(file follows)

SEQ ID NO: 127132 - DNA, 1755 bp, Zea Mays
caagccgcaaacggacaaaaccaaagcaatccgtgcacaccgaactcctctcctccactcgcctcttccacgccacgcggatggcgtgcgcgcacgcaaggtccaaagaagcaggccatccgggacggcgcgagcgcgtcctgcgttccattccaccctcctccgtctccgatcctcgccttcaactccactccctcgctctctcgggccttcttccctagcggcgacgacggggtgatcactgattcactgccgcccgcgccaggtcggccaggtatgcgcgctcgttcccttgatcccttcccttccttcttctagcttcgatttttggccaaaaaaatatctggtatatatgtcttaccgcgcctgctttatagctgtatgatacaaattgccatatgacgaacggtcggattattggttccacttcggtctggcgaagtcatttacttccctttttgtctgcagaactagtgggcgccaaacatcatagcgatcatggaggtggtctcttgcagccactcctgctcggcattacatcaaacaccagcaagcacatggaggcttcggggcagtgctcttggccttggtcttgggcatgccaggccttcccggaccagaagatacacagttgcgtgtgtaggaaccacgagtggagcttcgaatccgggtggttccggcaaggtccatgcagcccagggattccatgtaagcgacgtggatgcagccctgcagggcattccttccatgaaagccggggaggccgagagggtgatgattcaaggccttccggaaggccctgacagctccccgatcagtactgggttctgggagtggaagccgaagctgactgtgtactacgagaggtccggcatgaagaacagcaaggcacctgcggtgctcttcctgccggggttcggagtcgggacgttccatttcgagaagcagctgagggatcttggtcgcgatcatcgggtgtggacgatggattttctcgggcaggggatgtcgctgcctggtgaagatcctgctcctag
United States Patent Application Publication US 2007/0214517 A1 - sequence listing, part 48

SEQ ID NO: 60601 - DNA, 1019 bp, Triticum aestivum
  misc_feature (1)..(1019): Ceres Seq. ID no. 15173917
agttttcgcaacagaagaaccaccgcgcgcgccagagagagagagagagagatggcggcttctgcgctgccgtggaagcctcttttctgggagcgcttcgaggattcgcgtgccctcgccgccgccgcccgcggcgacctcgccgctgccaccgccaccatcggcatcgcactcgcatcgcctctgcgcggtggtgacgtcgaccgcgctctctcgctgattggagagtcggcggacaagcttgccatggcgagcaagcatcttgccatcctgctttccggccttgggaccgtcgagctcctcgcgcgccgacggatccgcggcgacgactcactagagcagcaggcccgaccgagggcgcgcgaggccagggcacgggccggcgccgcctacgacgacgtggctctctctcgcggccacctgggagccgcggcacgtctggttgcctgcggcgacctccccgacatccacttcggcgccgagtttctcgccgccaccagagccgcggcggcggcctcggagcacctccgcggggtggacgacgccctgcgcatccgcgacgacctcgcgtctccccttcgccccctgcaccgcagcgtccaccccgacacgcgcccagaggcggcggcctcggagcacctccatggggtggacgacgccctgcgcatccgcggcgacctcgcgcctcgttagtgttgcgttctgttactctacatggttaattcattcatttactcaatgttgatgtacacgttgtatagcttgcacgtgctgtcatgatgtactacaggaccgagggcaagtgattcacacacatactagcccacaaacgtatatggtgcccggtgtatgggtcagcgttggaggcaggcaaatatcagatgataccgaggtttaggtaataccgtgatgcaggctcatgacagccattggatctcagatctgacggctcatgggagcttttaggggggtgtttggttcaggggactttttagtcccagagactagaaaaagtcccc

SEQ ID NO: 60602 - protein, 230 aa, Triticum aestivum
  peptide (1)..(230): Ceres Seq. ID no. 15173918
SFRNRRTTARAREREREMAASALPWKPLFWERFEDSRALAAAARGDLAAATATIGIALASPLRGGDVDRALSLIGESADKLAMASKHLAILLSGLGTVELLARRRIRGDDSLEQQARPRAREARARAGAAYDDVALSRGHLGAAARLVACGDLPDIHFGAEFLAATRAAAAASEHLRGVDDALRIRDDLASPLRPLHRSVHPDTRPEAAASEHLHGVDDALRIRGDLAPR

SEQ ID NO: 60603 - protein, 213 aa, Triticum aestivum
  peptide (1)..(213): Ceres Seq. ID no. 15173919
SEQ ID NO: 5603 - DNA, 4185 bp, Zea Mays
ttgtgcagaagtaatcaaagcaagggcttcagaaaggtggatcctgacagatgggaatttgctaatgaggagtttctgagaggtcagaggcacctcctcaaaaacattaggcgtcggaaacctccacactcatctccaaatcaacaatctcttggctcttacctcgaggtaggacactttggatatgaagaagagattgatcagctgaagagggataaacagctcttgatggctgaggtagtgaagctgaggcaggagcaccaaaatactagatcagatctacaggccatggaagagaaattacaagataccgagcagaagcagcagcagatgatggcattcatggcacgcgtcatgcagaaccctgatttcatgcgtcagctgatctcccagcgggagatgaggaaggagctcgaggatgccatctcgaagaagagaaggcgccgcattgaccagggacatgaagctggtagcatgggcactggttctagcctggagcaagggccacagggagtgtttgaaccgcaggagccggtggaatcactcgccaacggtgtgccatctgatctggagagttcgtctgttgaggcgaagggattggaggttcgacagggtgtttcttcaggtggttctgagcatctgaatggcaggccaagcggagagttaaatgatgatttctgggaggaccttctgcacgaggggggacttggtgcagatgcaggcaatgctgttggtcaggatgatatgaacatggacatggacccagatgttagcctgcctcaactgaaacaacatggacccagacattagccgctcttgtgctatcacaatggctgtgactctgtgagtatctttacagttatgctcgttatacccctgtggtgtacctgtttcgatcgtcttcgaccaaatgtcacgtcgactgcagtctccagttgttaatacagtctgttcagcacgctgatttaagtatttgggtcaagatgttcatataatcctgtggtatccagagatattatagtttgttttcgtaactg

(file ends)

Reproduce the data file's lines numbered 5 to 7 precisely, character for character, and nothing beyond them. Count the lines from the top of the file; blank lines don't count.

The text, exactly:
  misc_feature (1)..(1019): Ceres Seq. ID no. 15173917
agttttcgcaacagaagaaccaccgcgcgcgccagagagagagagagagagatggcggcttctgcgctgccgtggaagcctcttttctgggagcgcttcgaggattcgcgtgccctcgccgccgccgcccgcggcgacctcgccgctgccaccgccaccatcggcatcgcactcgcatcgcctctgcgcggtggtgacgtcgaccgcgctctctcgctgattggagagtcggcggacaagcttgccatggcgagcaagcatcttgccatcctgctttccggccttgggaccgtcgagctcctcgcgcgccgacggatccgcggcgacgactcactagagcagcaggcccgaccgagggcgcgcgaggccagggcacgggccggcgccgcctacgacgacgtggctctctctcgcggccacctgggagccgcggcacgtctggttgcctgcggcgacctccccgacatccacttcggcgccgagtttctcgccgccaccagagccgcggcggcggcctcggagcacctccgcggggtggacgacgccctgcgcatccgcgacgacctcgcgtctccccttcgccccctgcaccgcagcgtccaccccgacacgcgcccagaggcggcggcctcggagcacctccatggggtggacgacgccctgcgcatccgcggcgacctcgcgcctcgttagtgttgcgttctgttactctacatggttaattcattcatttactcaatgttgatgtacacgttgtatagcttgcacgtgctgtcatgatgtactacaggaccgagggcaagtgattcacacacatactagcccacaaacgtatatggtgcccggtgtatgggtcagcgttggaggcaggcaaatatcagatgataccgaggtttaggtaataccgtgatgcaggctcatgacagccattggatctcagatctgacggctcatgggagcttttaggggggtgtttggttcaggggactttttagtcccagagactagaaaaagtcccc

SEQ ID NO: 60602 - protein, 230 aa, Triticum aestivum